I just want to walk the parade route tomorrow, because that’s what walkability is all about.
It’s about walking.
As of Friday morning, walking the parade route is an option being denied me. I hope this changes.
Before I explain this in greater detail, know that I’m sticking with my 2015 resolution not to re-ignite the annual controversy over Harvest Homecoming, New Albany’s annual autumnal civic festival, best known for its “booth days,” when downtown is given over to a temporary street festival format.
I can compromise on my own two feet, thank you.
I just want to walk the parade route tomorrow.
The usual arguments about Harvest Homecoming, pro and con, have been hashed and rehashed. Revolutions of rising expectations are never easy. In the absence of principled municipal governance, nothing’s going to substantively change any time soon, and yet I’m satisfied that a younger generation of Harvest Homecoming’s management truly grasps the need for evolution and accommodation.
Reform is a process, and while painfully slow, there is movement on some fronts. Let’s accept progress in this process, and celebrate this fact.
As for me, I just want to walk the parade route tomorrow.
I’m especially grateful to Art Niemeier, who joined the group effort planning tomorrow’s Biers on Parade at the Farmer Market, and has been invaluable. I don’t want to say or do anything that might compromise my gratitude to Art. We’re in possession of an idea (parade day festivities) with significant future promise, one uniting multiple entities. It’s a good thing, indeed.
I just want to walk the parade route tomorrow, because walking is the basic form of human movement.
It comes down to this: As written, Harvest Homecoming’s parade rules do not explicitly acknowledge the possibility that an independent political candidate might participate.
There is a clause restricting the use of convertibles to current office holders, and another confining non-office-holding candidates to their political party’s respective floats.
I hold no office, and I have no party.
Given that I’m probably the foremost local proponent of walkability, I just want to walk the parade route tomorrow.
First I was asked by the committee if it could provide a vehicle, and I said thanks, but no thanks.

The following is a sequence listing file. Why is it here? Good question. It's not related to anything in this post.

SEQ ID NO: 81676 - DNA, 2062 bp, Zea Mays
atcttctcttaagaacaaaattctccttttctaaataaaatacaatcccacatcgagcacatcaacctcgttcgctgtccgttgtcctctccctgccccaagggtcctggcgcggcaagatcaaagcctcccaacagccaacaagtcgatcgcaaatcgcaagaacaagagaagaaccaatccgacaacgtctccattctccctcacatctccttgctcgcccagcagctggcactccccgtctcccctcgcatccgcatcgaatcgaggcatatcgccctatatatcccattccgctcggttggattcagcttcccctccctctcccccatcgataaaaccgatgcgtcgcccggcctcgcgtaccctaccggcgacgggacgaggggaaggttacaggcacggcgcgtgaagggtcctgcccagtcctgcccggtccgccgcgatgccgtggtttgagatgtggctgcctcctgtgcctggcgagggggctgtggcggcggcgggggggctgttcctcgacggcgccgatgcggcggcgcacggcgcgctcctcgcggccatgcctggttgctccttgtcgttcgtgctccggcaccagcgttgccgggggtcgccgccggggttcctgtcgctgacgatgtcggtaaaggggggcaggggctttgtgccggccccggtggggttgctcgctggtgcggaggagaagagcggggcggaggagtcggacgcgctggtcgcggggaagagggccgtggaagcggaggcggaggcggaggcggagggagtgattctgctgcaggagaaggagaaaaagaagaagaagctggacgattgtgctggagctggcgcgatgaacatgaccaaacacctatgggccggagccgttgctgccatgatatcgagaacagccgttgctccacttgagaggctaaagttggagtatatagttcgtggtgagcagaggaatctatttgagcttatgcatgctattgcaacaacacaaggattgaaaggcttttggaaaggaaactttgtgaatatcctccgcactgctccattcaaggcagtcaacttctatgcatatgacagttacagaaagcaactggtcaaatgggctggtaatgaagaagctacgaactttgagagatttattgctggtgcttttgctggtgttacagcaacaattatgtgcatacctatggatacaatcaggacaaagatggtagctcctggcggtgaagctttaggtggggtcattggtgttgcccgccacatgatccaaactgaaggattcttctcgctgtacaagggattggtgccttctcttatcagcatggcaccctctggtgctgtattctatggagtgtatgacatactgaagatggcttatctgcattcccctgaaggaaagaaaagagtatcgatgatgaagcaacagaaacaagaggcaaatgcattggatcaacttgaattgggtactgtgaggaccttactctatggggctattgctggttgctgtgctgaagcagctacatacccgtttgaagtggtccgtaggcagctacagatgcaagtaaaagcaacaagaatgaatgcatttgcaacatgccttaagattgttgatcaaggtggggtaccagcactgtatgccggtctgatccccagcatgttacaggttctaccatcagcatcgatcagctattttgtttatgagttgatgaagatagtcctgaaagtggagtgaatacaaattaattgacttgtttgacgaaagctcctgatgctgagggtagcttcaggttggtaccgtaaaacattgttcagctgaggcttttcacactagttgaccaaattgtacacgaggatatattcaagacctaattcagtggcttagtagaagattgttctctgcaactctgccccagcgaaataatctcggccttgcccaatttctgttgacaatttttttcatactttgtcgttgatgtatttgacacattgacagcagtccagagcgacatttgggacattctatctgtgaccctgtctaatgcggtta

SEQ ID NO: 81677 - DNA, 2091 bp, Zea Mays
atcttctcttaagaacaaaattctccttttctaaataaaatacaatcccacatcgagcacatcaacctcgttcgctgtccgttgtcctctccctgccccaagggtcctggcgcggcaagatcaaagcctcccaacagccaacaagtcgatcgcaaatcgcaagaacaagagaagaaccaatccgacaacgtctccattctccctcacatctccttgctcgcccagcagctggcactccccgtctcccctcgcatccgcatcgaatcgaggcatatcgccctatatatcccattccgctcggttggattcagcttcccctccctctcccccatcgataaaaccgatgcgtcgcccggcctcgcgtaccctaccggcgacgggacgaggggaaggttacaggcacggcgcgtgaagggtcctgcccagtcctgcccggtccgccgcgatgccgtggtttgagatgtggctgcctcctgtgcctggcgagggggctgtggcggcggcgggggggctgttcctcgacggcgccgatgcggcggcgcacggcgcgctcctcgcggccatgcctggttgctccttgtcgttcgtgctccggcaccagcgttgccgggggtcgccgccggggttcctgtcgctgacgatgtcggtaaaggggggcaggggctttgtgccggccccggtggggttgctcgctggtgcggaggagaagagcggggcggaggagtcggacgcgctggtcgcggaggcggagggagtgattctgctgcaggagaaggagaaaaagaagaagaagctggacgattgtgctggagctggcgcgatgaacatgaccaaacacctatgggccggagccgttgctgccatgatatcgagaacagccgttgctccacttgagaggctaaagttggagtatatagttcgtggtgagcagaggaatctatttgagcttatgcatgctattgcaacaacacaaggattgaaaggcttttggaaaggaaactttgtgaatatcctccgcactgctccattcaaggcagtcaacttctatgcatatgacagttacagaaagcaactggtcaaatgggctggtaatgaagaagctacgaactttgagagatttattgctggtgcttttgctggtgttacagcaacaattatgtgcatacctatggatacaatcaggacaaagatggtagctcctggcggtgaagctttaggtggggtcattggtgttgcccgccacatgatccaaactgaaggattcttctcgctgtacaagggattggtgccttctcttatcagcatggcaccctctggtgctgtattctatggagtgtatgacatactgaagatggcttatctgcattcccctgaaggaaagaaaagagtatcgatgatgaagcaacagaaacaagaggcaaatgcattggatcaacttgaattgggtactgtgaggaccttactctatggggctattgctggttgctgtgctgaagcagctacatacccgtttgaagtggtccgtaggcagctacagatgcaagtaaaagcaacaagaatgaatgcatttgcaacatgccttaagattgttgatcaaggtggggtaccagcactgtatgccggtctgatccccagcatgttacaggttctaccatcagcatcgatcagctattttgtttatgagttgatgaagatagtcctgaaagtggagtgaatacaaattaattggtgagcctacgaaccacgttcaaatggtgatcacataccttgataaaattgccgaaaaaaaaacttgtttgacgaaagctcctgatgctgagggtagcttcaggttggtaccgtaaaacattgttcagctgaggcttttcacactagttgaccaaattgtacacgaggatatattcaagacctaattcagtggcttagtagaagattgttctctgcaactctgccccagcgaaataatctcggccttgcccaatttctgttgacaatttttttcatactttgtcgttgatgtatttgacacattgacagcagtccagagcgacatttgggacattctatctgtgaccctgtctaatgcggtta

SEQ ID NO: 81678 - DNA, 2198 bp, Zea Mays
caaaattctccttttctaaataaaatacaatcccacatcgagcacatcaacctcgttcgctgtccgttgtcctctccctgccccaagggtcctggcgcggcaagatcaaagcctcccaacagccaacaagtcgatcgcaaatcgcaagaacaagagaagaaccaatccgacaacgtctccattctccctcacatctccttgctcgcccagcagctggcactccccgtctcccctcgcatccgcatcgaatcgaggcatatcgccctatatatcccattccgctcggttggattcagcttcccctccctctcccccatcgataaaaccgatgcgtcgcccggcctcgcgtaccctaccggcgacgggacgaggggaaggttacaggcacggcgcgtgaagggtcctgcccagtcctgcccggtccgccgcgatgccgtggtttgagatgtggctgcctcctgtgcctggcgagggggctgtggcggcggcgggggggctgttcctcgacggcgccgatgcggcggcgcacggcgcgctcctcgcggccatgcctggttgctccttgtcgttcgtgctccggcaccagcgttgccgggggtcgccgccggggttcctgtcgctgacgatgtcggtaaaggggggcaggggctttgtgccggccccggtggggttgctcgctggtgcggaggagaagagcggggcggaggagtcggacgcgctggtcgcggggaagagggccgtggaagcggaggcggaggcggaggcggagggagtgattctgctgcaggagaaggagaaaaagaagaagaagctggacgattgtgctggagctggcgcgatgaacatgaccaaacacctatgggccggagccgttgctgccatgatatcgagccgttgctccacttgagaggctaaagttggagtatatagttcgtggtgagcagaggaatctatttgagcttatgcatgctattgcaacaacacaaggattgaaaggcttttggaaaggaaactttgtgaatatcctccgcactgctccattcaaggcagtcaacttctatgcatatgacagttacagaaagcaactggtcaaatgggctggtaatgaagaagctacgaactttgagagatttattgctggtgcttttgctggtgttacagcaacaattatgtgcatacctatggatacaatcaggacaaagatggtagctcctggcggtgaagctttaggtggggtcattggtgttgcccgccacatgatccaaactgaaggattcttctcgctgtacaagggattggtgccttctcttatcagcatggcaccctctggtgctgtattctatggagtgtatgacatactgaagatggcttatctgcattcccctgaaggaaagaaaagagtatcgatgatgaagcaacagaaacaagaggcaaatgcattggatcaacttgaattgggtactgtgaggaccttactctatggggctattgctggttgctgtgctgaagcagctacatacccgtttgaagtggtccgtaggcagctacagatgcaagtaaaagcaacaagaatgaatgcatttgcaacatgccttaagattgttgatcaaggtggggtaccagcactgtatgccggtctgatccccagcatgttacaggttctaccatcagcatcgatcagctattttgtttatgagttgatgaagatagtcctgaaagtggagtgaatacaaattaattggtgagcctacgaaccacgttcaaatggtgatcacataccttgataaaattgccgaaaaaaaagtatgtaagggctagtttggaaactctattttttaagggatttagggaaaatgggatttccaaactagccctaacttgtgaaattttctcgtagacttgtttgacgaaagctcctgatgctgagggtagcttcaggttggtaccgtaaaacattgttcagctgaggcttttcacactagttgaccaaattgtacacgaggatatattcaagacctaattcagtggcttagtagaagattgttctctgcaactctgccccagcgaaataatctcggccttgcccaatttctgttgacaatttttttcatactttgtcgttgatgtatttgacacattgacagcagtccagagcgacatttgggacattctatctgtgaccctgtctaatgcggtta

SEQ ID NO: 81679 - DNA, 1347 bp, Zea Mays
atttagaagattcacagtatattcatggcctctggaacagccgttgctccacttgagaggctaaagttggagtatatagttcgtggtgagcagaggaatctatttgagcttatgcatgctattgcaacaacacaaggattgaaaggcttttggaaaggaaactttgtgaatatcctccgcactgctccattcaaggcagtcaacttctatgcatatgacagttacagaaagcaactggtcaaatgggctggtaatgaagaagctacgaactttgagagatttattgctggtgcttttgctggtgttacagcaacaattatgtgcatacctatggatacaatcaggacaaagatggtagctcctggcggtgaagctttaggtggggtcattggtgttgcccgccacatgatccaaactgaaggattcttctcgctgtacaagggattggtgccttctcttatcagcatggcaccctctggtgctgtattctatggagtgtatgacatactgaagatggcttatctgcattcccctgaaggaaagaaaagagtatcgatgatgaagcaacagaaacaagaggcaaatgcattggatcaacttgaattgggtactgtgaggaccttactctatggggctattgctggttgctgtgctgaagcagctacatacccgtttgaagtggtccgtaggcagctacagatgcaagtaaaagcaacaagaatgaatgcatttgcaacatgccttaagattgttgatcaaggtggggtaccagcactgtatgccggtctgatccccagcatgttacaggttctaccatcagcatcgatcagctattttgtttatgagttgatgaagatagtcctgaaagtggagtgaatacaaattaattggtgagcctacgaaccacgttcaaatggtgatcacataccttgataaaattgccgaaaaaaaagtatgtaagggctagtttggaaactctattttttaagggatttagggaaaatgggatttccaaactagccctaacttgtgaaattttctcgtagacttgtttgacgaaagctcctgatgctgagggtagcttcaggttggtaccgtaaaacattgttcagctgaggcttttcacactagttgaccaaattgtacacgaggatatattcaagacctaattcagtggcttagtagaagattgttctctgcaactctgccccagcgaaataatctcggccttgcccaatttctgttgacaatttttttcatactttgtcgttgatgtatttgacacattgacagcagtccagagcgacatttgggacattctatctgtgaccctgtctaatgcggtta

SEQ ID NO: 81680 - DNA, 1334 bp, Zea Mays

The walkability guy in a truck? It doesn’t make sense.
In the beginning, all I wanted to do is walk the parade route tomorrow with a group of supporters. Just walk down the street, nothing more, while making the point that it isn’t unusual to walk.
Because it isn’t.
Except when you’re told it cannot be allowed.
At some point during the past months, it was mentioned that perhaps bicycles could be included, though while it would be nice to have bikes represented, actually riding one in a slow-moving parade doesn’t compute, although if the idea helped move the negotiation, I thought it acceptable to at least consider pushing a bike.
Although what I’d like to do is just walk the parade route.
As of yesterday, the committee is holding to its interpretation of rules that aren’t explicit in the first place, and has offered this ruling: I can’t walk, because candidates for office must use a wheeled vehicle, and if I choose to ride a bicycle, which is suitably wheeled, there can be only five bikes total.
Have I mentioned that nowhere in the committee’s rules is this wheeled clause mentioned?
I just want to walk the parade route.
I’ll walk alone, if that helps.
As the candidate of walkability, all I want to do is walk the Harvest Homecoming parade route.
Granted, irony never plays well here, but note that at a time when walkability is one of downtown’s best hopes for continued regeneration, the Harvest Homecoming theme in 2015 is Hot Rod Harvest.
Please, can I just walk the parade route and illustrate that life in this city can be about people, and not just their cars?
All I want to do is walk the parade route tomorrow, just me alone.
Surely this isn’t an imposition.
Thanks for your consideration.